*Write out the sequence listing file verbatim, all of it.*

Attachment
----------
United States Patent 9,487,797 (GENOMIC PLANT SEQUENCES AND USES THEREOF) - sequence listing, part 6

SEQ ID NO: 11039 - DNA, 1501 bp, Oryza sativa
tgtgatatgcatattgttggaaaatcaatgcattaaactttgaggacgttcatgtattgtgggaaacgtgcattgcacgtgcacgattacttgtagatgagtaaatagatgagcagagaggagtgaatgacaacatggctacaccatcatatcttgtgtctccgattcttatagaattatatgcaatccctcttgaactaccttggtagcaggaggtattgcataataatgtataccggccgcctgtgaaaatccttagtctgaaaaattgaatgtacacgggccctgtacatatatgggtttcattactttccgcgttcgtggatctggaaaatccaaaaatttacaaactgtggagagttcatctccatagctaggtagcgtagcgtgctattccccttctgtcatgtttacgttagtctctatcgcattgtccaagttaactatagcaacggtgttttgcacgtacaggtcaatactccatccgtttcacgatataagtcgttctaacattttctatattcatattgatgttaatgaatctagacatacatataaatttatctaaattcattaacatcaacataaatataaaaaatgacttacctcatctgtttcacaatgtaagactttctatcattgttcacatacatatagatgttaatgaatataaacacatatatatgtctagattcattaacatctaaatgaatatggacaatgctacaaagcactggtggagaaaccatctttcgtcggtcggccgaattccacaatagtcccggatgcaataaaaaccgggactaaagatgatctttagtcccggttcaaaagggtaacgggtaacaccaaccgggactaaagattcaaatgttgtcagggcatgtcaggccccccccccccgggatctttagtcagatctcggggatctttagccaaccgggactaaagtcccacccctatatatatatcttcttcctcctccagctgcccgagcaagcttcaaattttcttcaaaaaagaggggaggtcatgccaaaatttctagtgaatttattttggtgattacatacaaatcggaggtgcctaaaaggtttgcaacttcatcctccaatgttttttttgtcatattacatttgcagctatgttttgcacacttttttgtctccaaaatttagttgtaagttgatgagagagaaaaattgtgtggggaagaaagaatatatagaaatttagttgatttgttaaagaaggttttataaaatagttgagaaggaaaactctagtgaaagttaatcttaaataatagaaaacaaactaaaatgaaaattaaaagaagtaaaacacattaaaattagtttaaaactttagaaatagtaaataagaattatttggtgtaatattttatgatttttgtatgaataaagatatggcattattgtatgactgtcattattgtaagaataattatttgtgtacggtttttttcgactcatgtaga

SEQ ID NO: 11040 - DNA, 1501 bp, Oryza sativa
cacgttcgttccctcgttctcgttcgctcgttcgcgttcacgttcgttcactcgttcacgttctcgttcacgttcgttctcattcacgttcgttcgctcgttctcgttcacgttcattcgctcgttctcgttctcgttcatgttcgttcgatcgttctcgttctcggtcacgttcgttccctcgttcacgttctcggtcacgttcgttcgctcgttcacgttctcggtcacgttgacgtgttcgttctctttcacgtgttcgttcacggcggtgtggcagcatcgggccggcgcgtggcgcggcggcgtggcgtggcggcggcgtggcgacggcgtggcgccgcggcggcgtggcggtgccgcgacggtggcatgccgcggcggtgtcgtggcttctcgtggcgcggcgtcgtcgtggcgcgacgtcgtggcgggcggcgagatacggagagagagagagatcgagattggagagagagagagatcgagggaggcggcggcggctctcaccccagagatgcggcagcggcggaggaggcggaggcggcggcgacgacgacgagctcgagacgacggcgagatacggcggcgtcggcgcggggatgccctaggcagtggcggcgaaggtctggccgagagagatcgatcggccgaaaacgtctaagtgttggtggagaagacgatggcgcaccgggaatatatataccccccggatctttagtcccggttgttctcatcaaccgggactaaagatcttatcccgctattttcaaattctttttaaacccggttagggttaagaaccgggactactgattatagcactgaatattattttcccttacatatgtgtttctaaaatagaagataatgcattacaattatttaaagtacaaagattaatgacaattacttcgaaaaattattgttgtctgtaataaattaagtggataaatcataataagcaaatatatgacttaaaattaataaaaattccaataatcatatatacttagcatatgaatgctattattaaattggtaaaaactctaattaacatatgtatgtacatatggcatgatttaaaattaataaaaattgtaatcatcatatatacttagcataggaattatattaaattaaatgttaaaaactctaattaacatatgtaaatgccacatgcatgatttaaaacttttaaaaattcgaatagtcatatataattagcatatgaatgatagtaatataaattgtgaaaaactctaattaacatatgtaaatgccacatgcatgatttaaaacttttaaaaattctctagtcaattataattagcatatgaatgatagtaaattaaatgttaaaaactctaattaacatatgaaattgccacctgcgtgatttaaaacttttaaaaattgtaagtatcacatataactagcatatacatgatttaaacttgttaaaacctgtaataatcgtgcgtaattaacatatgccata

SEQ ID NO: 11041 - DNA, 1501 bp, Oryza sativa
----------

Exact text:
United States Patent 9,487,797 (GENOMIC PLANT SEQUENCES AND USES THEREOF) - sequence listing, part 6

SEQ ID NO: 11039 - DNA, 1501 bp, Oryza sativa
tgtgatatgcatattgttggaaaatcaatgcattaaactttgaggacgttcatgtattgtgggaaacgtgcattgcacgtgcacgattacttgtagatgagtaaatagatgagcagagaggagtgaatgacaacatggctacaccatcatatcttgtgtctccgattcttatagaattatatgcaatccctcttgaactaccttggtagcaggaggtattgcataataatgtataccggccgcctgtgaaaatccttagtctgaaaaattgaatgtacacgggccctgtacatatatgggtttcattactttccgcgttcgtggatctggaaaatccaaaaatttacaaactgtggagagttcatctccatagctaggtagcgtagcgtgctattccccttctgtcatgtttacgttagtctctatcgcattgtccaagttaactatagcaacggtgttttgcacgtacaggtcaatactccatccgtttcacgatataagtcgttctaacattttctatattcatattgatgttaatgaatctagacatacatataaatttatctaaattcattaacatcaacataaatataaaaaatgacttacctcatctgtttcacaatgtaagactttctatcattgttcacatacatatagatgttaatgaatataaacacatatatatgtctagattcattaacatctaaatgaatatggacaatgctacaaagcactggtggagaaaccatctttcgtcggtcggccgaattccacaatagtcccggatgcaataaaaaccgggactaaagatgatctttagtcccggttcaaaagggtaacgggtaacaccaaccgggactaaagattcaaatgttgtcagggcatgtcaggccccccccccccgggatctttagtcagatctcggggatctttagccaaccgggactaaagtcccacccctatatatatatcttcttcctcctccagctgcccgagcaagcttcaaattttcttcaaaaaagaggggaggtcatgccaaaatttctagtgaatttattttggtgattacatacaaatcggaggtgcctaaaaggtttgcaacttcatcctccaatgttttttttgtcatattacatttgcagctatgttttgcacacttttttgtctccaaaatttagttgtaagttgatgagagagaaaaattgtgtggggaagaaagaatatatagaaatttagttgatttgttaaagaaggttttataaaatagttgagaaggaaaactctagtgaaagttaatcttaaataatagaaaacaaactaaaatgaaaattaaaagaagtaaaacacattaaaattagtttaaaactttagaaatagtaaataagaattatttggtgtaatattttatgatttttgtatgaataaagatatggcattattgtatgactgtcattattgtaagaataattatttgtgtacggtttttttcgactcatgtaga

SEQ ID NO: 11040 - DNA, 1501 bp, Oryza sativa
cacgttcgttccctcgttctcgttcgctcgttcgcgttcacgttcgttcactcgttcacgttctcgttcacgttcgttctcattcacgttcgttcgctcgttctcgttcacgttcattcgctcgttctcgttctcgttcatgttcgttcgatcgttctcgttctcggtcacgttcgttccctcgttcacgttctcggtcacgttcgttcgctcgttcacgttctcggtcacgttgacgtgttcgttctctttcacgtgttcgttcacggcggtgtggcagcatcgggccggcgcgtggcgcggcggcgtggcgtggcggcggcgtggcgacggcgtggcgccgcggcggcgtggcggtgccgcgacggtggcatgccgcggcggtgtcgtggcttctcgtggcgcggcgtcgtcgtggcgcgacgtcgtggcgggcggcgagatacggagagagagagagatcgagattggagagagagagagatcgagggaggcggcggcggctctcaccccagagatgcggcagcggcggaggaggcggaggcggcggcgacgacgacgagctcgagacgacggcgagatacggcggcgtcggcgcggggatgccctaggcagtggcggcgaaggtctggccgagagagatcgatcggccgaaaacgtctaagtgttggtggagaagacgatggcgcaccgggaatatatataccccccggatctttagtcccggttgttctcatcaaccgggactaaagatcttatcccgctattttcaaattctttttaaacccggttagggttaagaaccgggactactgattatagcactgaatattattttcccttacatatgtgtttctaaaatagaagataatgcattacaattatttaaagtacaaagattaatgacaattacttcgaaaaattattgttgtctgtaataaattaagtggataaatcataataagcaaatatatgacttaaaattaataaaaattccaataatcatatatacttagcatatgaatgctattattaaattggtaaaaactctaattaacatatgtatgtacatatggcatgatttaaaattaataaaaattgtaatcatcatatatacttagcataggaattatattaaattaaatgttaaaaactctaattaacatatgtaaatgccacatgcatgatttaaaacttttaaaaattcgaatagtcatatataattagcatatgaatgatagtaatataaattgtgaaaaactctaattaacatatgtaaatgccacatgcatgatttaaaacttttaaaaattctctagtcaattataattagcatatgaatgatagtaaattaaatgttaaaaactctaattaacatatgaaattgccacctgcgtgatttaaaacttttaaaaattgtaagtatcacatataactagcatatacatgatttaaacttgttaaaacctgtaataatcgtgcgtaattaacatatgccata

SEQ ID NO: 11041 - DNA, 1501 bp, Oryza sativa